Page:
Dear Members of the Fordham Family,
Peace of Christ.
As you probably know by now, Saturday afternoon Cardinal Dolan announced that, in response to the coronavirus crisis (and out of a deep concern for the welfare of the faithful in his care), there would be no public Masses celebrated in the churches of the Archdiocese of New York until further notice.
To the best of my knowledge, not a day has passed (and certainly not a Sunday has passed) in our 179-year history that the Eucharist has not been celebrated in the public chapels on the University’s campuses. Therefore, although I truly believe that the Cardinal’s decision was pastorally wise, I would be less than honest if I did not admit that I received the news with more than a tinge of sadness.
I also received it with a great sense of responsibility. But responsibility for what? As the pastor for the University family (that wonderful and wonderfully diverse community that is spread all over the world), I felt and feel the responsibility to pray for our beloved Fordham, and to do so from the bottom of my heart in this time of unprecedented peril in our nation’s history and the history of the whole human family.
Therefore, I will celebrate the Eucharist for all of you (and your families and those whom you love) this morning—Sunday—in Spellman Hall. Then, I will make a solitary pilgrimage to the University Church, which has been the site where the Fordham family has found solace and strength at all of the most challenging and the most joyful moments in its history (and in the lives of so many Rams), the place where the men and women of Fordham have encountered the Lord since the day that the Church opened its doors in 1844; where our ancestors in the faith have repaired to pray for guidance in exams; where our older sisters and brothers have prayed before marching off to war; where Fordham graduates have been united in marriage or ordained to the priesthood. With all of you in my heart (and with a lively sense that I am in a place hallowed by the prayers of those who have gone before us), I will kneel before the high altar and pray for you. Over and over again. As I do so, this will be my prayer:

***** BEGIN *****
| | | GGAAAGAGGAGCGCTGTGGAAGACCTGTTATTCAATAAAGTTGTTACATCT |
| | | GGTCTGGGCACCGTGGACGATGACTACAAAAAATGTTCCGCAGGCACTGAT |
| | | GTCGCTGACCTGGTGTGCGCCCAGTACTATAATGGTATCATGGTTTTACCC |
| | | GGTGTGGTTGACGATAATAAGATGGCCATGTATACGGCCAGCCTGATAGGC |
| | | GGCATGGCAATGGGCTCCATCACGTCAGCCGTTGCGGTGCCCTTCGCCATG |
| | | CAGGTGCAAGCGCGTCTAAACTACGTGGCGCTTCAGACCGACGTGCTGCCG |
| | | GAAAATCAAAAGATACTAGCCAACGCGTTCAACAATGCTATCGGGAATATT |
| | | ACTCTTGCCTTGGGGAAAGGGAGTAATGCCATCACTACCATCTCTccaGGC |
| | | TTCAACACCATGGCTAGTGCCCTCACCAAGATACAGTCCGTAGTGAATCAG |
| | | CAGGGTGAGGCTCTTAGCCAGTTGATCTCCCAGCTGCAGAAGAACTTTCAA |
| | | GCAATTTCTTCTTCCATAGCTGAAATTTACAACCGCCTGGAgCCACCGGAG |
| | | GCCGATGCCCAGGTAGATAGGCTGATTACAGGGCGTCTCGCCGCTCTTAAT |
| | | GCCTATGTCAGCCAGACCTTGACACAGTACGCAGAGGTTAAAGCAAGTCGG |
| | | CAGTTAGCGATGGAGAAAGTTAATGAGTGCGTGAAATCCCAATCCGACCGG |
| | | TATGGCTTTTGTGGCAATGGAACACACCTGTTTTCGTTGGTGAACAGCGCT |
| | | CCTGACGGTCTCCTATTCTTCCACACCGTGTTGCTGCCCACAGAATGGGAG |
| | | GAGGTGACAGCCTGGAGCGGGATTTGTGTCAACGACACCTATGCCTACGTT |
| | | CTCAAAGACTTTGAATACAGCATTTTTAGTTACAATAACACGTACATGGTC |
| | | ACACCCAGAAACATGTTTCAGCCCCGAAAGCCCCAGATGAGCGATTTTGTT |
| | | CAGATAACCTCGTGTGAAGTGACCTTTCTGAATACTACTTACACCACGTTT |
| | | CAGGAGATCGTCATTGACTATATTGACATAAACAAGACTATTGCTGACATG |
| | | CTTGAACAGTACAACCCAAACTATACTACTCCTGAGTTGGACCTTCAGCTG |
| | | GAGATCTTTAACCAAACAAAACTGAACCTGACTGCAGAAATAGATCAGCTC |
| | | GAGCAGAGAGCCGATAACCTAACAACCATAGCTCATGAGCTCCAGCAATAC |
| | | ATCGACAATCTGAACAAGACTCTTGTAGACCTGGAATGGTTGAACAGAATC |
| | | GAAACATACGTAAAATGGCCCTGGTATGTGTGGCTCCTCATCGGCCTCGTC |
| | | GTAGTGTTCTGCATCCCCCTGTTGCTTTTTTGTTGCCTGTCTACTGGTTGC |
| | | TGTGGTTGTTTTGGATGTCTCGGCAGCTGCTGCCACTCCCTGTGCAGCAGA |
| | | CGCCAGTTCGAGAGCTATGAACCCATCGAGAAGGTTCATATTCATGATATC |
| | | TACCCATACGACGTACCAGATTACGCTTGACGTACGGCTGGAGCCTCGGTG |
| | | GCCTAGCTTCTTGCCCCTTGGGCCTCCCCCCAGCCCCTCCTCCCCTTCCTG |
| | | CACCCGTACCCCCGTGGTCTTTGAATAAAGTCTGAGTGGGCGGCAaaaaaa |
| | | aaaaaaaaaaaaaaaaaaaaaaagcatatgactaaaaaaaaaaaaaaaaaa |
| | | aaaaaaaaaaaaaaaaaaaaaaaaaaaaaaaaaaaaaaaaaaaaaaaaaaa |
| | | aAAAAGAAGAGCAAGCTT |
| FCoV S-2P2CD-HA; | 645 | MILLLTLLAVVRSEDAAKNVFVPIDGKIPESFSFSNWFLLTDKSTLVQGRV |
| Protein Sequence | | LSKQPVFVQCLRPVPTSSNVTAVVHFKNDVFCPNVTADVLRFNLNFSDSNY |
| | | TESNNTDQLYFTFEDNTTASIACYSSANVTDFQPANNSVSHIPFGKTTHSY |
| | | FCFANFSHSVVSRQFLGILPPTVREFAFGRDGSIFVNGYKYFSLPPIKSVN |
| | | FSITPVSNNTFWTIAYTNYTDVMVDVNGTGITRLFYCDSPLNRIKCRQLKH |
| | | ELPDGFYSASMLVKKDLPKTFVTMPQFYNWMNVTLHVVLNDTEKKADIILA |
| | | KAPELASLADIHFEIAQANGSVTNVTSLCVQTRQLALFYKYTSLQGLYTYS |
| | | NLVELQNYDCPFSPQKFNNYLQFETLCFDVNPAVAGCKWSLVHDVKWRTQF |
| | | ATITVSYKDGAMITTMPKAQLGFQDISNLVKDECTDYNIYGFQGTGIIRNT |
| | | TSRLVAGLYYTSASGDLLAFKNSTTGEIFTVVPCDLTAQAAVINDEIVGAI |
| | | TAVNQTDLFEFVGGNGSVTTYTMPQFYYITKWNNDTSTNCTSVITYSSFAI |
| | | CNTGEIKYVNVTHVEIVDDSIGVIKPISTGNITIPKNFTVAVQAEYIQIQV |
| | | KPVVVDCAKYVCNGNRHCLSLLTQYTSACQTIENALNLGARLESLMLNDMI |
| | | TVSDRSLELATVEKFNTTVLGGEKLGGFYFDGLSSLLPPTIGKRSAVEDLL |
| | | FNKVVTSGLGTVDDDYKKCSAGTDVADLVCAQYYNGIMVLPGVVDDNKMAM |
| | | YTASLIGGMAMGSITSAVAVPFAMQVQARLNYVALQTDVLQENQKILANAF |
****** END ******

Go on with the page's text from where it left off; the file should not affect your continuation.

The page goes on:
God of all mercies, grant:
To the Fordham family, safety and good health:
To those afflicted with COVID-19, swift healing;
To the frightened, courage;
To the dying, comfort;
To the dead, eternal life;
To health-care providers, strength and stamina;
To our leaders, wisdom and compassion;
To our nation, unity of purpose;
To the Church, the grace to serve the suffering selflessly;
To all believers, strong faith in Your presence;
To the whole human family, unity of heart; and
To us, your servants, the reward of knowing that we are doing Your will when we spend ourselves in loving service of others.
To our families of all faiths, and none, know that you all are in my thoughts every waking hour—not just when I am at the altar, or writing to you like this, or considering the needs of a particular student, parent, faculty member, alumnus, or staff member. It is our human connections that bring us the greatest joys in life, and provoke our deepest fears. Therefore I ask you to treat yourself and those around you with compassion and forbearance as we navigate this crisis. Take comfort in your ties to those around you, and know that you are an indispensable, irreplaceable member of the Fordham family.
May the God of all consolation walk with us through these difficult times. And may He find us worthy of the call to be His healing and reconciling presence in a wounded world.
Prayers and blessings,
Joseph M. McShane, S.J.